Generally, the high cost of poultry production (feed cost) is worrisome. The production costs of eggs relate to the sum of all variable and fixed costs incurred in producing a given number of eggs. In view of the continued high costs of layer production and the frugality of consumers, future growth will probably slow down in the layer sub-sector to approximately 1% in a year^{1}. A mixture of high feed costs, legislation and the ban on cages and other peculiarities around the globe has put the cost of egg production at the highest rate ever^{4}. Furthermore, feed is the costliest input in egg production and when the feed costs for the pullets are included, the share of feed to total production cost can reach 70%^{4}. In addition, layer farms in Europe changed their housing structure for layers to enriched cages and aviaries, which further increased the cost of housing and labour per hen. Feed cost is a universal reason for the increase in costs of production in poultry layers but nations may vary in peculiarities for other additional costs of production. Ariffin *et al*.^{5} states that the poultry industry in Malaysia is faced with many challenges, including the cost of feeds, which comprises approximately 70% of production costs. High feed costs from farms adds substantially to the burden of production costs. There are many quality control issues in egg production in Malaysia and of immediate interest is the issue of feed adulteration^{6}. The issues of feed adulteration and feed waste during production both add to the high cost of production. Despite the investment in poultry egg production in Malaysia, not much is known about its production patterns and resource use efficiency. Given the high production costs, this research employs a stochastic frontier approach (SFA) model to estimate the output elasticities of production and examine the inefficiency effect model. In addition, a scale-based model of **technical efficiency** (SBMTE) is also used to investigate the excessive input utilization (input waste) in poultry layer production. Finally, the bootstrap technique is used to simulate the bias-corrected **technical efficiency** (BCTE) and examine scale efficiency and returns to scale in production.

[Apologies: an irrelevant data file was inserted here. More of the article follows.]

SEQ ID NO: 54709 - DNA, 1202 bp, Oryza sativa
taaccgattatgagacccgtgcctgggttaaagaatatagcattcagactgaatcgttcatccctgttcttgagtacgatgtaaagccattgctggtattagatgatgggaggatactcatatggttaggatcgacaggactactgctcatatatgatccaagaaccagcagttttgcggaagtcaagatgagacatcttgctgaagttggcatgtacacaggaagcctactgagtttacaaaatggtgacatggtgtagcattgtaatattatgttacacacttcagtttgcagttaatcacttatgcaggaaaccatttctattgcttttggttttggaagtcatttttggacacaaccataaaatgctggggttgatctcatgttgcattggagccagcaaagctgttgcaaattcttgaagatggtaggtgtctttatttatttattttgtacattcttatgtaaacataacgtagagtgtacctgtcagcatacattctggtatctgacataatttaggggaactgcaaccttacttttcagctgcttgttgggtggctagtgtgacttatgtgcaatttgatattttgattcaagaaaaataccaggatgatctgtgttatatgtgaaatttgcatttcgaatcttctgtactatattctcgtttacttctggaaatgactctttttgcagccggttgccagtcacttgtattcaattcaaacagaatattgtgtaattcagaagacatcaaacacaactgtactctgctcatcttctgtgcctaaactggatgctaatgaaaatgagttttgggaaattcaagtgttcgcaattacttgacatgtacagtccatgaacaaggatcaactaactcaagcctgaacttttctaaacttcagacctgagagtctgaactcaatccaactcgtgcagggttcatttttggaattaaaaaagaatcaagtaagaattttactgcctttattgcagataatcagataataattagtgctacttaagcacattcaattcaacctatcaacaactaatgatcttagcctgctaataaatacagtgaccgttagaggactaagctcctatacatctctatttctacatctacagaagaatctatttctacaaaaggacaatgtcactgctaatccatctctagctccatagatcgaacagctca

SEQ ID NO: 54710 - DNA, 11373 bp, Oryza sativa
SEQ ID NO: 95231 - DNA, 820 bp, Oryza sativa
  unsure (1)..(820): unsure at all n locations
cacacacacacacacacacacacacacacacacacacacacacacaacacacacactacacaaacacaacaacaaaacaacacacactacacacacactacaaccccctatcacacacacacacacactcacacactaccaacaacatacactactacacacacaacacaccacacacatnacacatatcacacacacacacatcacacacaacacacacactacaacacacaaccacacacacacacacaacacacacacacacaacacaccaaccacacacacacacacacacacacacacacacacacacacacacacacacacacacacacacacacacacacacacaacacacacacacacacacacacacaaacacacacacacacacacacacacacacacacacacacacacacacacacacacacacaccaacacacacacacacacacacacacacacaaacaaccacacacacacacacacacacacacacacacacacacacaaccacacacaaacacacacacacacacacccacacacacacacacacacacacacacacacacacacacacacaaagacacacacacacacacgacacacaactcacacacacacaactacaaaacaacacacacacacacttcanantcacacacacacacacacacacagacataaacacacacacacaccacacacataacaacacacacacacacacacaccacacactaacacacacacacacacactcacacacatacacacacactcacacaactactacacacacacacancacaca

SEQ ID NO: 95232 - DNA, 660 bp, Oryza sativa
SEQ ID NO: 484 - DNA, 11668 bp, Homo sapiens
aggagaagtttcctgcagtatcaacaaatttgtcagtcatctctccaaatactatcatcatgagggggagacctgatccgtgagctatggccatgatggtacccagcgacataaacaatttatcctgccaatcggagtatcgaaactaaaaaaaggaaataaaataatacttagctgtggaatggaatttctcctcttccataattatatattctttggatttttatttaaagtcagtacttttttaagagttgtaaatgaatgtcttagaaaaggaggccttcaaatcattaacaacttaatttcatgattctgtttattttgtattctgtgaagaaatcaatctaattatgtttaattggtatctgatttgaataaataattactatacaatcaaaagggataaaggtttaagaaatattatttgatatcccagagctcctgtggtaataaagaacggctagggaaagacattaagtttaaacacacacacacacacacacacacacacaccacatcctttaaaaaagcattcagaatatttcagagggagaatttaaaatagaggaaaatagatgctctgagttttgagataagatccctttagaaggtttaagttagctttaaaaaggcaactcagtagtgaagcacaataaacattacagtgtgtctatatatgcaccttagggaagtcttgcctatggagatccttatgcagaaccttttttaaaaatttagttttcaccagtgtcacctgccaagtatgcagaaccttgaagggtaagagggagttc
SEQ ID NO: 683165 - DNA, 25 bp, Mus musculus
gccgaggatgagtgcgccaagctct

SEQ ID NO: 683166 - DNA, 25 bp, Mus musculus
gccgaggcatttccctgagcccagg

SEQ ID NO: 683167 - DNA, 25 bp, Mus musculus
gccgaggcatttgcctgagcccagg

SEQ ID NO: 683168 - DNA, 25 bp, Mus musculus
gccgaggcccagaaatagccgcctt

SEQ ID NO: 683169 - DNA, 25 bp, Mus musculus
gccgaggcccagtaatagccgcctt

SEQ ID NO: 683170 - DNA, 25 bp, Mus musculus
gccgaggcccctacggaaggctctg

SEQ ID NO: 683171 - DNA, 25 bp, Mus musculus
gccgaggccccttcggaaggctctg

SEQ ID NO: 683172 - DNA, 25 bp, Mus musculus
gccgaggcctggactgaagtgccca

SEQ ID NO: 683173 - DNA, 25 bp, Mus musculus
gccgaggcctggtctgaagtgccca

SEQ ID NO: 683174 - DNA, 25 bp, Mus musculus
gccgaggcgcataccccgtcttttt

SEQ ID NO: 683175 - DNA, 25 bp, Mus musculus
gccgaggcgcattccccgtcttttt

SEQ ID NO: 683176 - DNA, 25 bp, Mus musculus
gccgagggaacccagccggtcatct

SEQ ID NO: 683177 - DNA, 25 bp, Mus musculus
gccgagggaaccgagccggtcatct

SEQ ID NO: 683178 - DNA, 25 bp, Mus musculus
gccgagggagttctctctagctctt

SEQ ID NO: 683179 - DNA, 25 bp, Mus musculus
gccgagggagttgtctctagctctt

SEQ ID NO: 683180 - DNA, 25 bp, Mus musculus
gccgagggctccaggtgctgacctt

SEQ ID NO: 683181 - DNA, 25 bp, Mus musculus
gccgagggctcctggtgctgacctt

**MATERIALS AND METHODS**

**Data collection:** Data for this study was collected from a total of 96 layer farms in peninsular Malaysia. Simple random sampling was used in the selection of the layer farms in the major producing states of Negeri Sembilan, Johor, Penang, Melaka, Pahang, Selangor and Kedah. A total of one output (Number of eggs) and four (4) inputs (Feeds, Operation cost, Labour and total day-old chicks) were used in the analysis. Detailed descriptions of the production and inefficiency variables used in this study are presented in Table 1.

**Analytical techniques****Stochastic frontier production function (SFPF):** The generalized form of the SFPF, originally developed by Aigner *et al*.^{7} and Meeusen and Van den Broeck^{8}and refined by Battese and Coelli^{9,10}, is adopted to assess the production frontier and inefficiency issues in the layer farms. It is as follows:

(1) |

Table 1: | Description and mean values of variables used in the study |

*Malaysian currency (1 USD: 4.2 Ringgit) |

Table 2: | Hypotheses tests for model specification and statistical assumptions |

where, Y_{i} is egg output, X_{i} is matrix of inputs and α_{i} is a vector of parameter to be estimated. The error term (ε_{i}) is made up of two components V_{i} and U_{i} which are related as ε_{i} = V_{i}- U_{i}. V_{i} accommodates random variations in the output that are caused by factors beyond farmers’ control and the effects of errors of measurement in the output variable^{11}. In contrast, U_{i} is a random variable that handles stochastic shortfall in outputs relative to the most efficient decision-making unit (DMU)^{9}.

Thus:

Y _{i} = f (X_{i}, α_{i}) exp (V_{i}-U_{i}) | (2) |

V_{i} is normally distributed with mean and variance = δ_{v}^{2}. U_{i} is a truncated normal distribution with mean and variance = δ^{2}. Note that Z_{ji} represents the value of the j_{th} explanatory variable related with the technical inefficiency model of the DMU and δ_{0}…δ_{j} are unknown parameters that are to be estimated. Parameters of both the stochastic frontier model and the inefficiency effects are jointly estimated in a single step solution with the maximum likelihood estimation technique. Parameters of variance in the likelihood function are estimated from the study of Battese and Coelli^{9} as: